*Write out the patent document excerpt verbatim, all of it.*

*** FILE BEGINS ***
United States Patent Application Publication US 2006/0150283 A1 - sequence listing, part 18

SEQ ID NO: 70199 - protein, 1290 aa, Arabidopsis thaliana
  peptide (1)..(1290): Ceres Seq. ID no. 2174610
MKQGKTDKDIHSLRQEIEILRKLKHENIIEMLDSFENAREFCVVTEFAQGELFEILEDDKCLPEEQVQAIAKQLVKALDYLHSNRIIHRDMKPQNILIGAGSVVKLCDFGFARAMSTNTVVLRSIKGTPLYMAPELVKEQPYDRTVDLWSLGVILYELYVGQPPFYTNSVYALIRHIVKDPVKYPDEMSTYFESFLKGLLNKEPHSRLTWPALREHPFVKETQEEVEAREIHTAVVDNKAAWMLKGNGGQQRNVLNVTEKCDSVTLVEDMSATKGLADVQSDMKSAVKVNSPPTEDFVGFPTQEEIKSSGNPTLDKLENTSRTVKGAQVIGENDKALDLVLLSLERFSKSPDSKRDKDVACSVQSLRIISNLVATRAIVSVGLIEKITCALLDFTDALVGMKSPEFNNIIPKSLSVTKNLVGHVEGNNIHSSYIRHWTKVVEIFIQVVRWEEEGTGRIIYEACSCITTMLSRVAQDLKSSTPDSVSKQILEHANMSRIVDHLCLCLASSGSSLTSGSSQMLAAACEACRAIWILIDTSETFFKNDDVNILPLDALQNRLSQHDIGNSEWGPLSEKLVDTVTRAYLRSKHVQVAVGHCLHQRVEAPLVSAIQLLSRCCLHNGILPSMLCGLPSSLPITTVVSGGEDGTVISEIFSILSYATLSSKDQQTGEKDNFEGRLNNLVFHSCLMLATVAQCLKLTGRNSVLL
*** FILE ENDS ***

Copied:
United States Patent Application Publication US 2006/0150283 A1 - sequence listing, part 18

SEQ ID NO: 70199 - protein, 1290 aa, Arabidopsis thaliana
  peptide (1)..(1290): Ceres Seq. ID no. 2174610
MKQGKTDKDIHSLRQEIEILRKLKHENIIEMLDSFENAREFCVVTEFAQGELFEILEDDKCLPEEQVQAIAKQLVKALDYLHSNRIIHRDMKPQNILIGAGSVVKLCDFGFARAMSTNTVVLRSIKGTPLYMAPELVKEQPYDRTVDLWSLGVILYELYVGQPPFYTNSVYALIRHIVKDPVKYPDEMSTYFESFLKGLLNKEPHSRLTWPALREHPFVKETQEEVEAREIHTAVVDNKAAWMLKGNGGQQRNVLNVTEKCDSVTLVEDMSATKGLADVQSDMKSAVKVNSPPTEDFVGFPTQEEIKSSGNPTLDKLENTSRTVKGAQVIGENDKALDLVLLSLERFSKSPDSKRDKDVACSVQSLRIISNLVATRAIVSVGLIEKITCALLDFTDALVGMKSPEFNNIIPKSLSVTKNLVGHVEGNNIHSSYIRHWTKVVEIFIQVVRWEEEGTGRIIYEACSCITTMLSRVAQDLKSSTPDSVSKQILEHANMSRIVDHLCLCLASSGSSLTSGSSQMLAAACEACRAIWILIDTSETFFKNDDVNILPLDALQNRLSQHDIGNSEWGPLSEKLVDTVTRAYLRSKHVQVAVGHCLHQRVEAPLVSAIQLLSRCCLHNGILPSMLCGLPSSLPITTVVSGGEDGTVISEIFSILSYATLSSKDQQTGEKDNFEGRLNNLVFHSCLMLATVAQCLKLTGRNSVLL